A buildup of an unsustainable amount of debt generally precedes devastating deflationary episodes.
The last brush the world had with deflation was the 2007-2009 financial crisis, which was accompanied by a huge amount of bad debt in the mortgage market. That financial crisis was the most severe since the Great Depression of the early 1930s, which itself was preceded by a mountain of unsustainable debt.
As Robert Prechter’s Conquer the Crash says:
A high-debt situation becomes unsustainable when the rate of economic growth falls beneath the prevailing rate of interest on money owed and creditors refuse to underwrite the interest payments with more credit.
The signs show that the global financial system may be approaching a tipping point.
The United Kingdom is a case in point. Here’s a chart and commentary from our January 2021 Global Market Perspective:
[In the U.K.], the treasury took on another £31.6 billion in debt in November alone, 40% more than October, while public debt hit almost £2.1 trillion, or 99.5% of GDP, the highest ratio since 1962. Meanwhile, the deficit will widen to about £400 billion in 2020/21, or about 20% of GDP, according to the Office for National Statistics. That represents double the hit caused by the 2008 financial crisis. As we have been describing for most of the year, all of the puzzle pieces for the greatest financial crisis in history will soon be in place.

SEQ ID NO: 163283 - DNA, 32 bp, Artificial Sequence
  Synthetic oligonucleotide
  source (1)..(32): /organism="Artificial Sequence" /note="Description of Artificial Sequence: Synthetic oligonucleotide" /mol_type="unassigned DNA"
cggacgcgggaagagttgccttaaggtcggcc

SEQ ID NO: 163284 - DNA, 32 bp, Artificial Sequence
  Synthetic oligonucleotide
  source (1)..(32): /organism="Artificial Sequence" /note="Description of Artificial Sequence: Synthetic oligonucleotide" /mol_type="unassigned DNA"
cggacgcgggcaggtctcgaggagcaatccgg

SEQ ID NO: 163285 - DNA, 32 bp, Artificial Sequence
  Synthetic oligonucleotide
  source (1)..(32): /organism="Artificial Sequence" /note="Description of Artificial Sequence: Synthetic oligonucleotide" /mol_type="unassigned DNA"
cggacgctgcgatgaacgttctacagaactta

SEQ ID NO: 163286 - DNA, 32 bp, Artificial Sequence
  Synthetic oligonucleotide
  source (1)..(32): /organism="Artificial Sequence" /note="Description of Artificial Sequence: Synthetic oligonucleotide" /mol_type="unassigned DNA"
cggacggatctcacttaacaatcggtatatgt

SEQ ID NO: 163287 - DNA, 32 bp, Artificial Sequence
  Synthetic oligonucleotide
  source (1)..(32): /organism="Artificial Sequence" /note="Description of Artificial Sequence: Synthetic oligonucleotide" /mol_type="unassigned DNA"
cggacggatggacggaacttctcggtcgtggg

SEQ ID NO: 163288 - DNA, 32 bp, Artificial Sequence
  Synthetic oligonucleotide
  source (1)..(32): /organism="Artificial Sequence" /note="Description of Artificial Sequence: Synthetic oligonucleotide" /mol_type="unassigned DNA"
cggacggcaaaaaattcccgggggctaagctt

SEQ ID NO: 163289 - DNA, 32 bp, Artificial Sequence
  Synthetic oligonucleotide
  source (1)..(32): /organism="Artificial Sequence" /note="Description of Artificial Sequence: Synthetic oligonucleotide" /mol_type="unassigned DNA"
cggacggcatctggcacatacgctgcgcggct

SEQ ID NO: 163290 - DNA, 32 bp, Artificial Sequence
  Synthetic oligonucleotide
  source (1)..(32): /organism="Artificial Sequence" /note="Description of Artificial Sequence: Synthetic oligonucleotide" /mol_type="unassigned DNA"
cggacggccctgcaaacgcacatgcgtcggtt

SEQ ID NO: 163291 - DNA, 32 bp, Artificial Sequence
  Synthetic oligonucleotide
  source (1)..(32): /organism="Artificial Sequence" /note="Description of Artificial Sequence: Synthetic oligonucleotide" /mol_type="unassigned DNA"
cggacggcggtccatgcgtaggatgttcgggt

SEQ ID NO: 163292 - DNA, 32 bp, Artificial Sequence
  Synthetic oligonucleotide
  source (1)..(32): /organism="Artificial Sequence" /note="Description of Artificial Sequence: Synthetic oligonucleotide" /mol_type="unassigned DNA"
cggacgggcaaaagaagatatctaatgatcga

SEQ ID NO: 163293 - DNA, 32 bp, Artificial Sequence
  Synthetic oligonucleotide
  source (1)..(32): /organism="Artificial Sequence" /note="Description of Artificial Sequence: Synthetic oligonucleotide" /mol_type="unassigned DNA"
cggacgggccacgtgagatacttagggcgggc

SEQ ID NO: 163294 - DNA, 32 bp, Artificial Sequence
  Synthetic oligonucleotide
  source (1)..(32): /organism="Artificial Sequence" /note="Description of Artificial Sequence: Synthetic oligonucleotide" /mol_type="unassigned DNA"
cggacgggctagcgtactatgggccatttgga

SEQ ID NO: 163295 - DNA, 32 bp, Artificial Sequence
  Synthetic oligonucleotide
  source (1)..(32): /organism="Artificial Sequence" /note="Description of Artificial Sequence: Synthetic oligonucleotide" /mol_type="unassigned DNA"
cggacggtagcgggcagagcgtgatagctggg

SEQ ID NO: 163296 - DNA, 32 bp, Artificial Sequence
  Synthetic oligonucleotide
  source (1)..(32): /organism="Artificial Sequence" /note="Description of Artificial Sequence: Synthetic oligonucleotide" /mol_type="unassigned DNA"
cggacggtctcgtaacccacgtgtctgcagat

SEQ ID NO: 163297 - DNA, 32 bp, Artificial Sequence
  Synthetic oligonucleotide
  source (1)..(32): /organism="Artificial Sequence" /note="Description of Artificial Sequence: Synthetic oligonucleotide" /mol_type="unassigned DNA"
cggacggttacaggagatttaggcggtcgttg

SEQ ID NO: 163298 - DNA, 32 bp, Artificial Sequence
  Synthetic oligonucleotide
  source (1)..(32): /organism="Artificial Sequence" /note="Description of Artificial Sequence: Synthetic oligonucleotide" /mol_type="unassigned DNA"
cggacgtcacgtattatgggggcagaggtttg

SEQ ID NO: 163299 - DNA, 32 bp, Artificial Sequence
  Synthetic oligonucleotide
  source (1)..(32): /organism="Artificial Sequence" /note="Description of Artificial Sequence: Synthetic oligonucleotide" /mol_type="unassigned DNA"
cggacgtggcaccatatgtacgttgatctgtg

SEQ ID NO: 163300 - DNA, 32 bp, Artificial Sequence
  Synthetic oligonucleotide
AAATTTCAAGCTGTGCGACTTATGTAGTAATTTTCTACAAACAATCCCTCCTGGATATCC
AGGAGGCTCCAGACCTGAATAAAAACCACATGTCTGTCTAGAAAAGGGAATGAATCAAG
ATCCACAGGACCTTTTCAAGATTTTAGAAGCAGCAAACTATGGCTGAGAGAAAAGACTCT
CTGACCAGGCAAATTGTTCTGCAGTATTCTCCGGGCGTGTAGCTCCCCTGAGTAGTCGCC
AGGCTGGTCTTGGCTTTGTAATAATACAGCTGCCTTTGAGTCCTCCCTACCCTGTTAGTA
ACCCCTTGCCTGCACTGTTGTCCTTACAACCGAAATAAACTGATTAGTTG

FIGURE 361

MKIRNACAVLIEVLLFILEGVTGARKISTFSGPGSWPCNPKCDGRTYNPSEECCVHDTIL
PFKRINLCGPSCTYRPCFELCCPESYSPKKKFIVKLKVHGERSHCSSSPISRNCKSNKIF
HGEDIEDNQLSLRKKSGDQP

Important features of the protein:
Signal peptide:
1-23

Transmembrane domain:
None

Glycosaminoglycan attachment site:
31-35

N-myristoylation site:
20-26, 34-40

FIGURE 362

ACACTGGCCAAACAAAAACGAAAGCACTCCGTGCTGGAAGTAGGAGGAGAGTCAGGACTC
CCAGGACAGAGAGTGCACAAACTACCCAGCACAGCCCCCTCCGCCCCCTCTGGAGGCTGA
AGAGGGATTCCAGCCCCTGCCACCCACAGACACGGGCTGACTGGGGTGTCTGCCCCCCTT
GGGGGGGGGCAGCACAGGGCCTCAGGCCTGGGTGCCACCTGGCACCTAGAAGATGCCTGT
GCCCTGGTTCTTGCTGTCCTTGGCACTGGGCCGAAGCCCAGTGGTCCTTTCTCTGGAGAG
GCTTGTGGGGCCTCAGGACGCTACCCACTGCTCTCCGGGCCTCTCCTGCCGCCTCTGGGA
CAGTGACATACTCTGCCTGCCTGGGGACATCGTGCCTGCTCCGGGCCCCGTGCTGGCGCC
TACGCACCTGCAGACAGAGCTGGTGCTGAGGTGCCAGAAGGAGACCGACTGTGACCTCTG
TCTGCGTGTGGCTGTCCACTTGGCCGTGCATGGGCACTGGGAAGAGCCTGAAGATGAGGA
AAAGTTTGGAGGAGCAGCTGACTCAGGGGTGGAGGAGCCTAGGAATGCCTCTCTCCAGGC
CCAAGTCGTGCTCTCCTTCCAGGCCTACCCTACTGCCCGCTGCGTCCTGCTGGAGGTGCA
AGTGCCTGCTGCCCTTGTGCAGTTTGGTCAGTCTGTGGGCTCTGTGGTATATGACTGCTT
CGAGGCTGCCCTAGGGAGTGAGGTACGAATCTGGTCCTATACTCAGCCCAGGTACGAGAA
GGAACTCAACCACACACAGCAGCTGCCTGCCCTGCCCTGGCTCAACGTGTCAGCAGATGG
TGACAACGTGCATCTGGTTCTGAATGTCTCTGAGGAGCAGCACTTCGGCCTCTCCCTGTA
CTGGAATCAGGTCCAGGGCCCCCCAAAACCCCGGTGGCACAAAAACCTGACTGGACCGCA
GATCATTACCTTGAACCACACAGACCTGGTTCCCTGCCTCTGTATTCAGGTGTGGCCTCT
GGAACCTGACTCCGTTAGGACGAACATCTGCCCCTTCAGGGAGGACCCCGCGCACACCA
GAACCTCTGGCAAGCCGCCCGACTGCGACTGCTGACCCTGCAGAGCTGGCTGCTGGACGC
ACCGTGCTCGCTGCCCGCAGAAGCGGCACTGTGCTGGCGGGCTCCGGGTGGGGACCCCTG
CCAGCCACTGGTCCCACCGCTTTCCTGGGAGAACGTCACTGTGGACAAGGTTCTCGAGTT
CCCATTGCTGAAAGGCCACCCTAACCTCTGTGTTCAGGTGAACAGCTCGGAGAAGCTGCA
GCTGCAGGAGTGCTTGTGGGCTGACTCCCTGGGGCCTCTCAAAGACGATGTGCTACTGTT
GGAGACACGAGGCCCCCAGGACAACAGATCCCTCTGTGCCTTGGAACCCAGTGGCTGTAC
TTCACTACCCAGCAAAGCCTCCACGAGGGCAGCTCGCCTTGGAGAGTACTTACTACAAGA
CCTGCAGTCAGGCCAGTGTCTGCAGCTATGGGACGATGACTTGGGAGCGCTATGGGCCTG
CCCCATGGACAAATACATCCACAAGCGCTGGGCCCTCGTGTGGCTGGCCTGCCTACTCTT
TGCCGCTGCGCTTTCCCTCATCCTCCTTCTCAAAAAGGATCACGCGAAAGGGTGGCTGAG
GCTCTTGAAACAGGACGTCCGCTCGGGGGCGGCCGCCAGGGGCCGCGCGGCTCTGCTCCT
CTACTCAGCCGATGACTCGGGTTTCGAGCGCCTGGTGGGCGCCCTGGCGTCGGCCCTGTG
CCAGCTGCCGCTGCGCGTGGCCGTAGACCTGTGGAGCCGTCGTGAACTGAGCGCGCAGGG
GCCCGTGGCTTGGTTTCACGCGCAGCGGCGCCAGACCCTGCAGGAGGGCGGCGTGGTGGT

The U.K. is hardly the only place in the world where debt is reaching an alarming level.
Here’s what a Jan. 18 Wall Street Journal article says about the U.S.:
At 100.1% of gross domestic product, debt already exceeds the annual output of the economy, putting the U.S. in company with economies including Greece, Italy and Japan.
This headline is from the Toronto Star on Feb. 1:
Canada’s debt-to-GDP ratio is alarming.
The list of nation’s with troubling amounts of public debt goes on.
Our Global Market Perspective provides more insights on the potential for a historic financial crisis.
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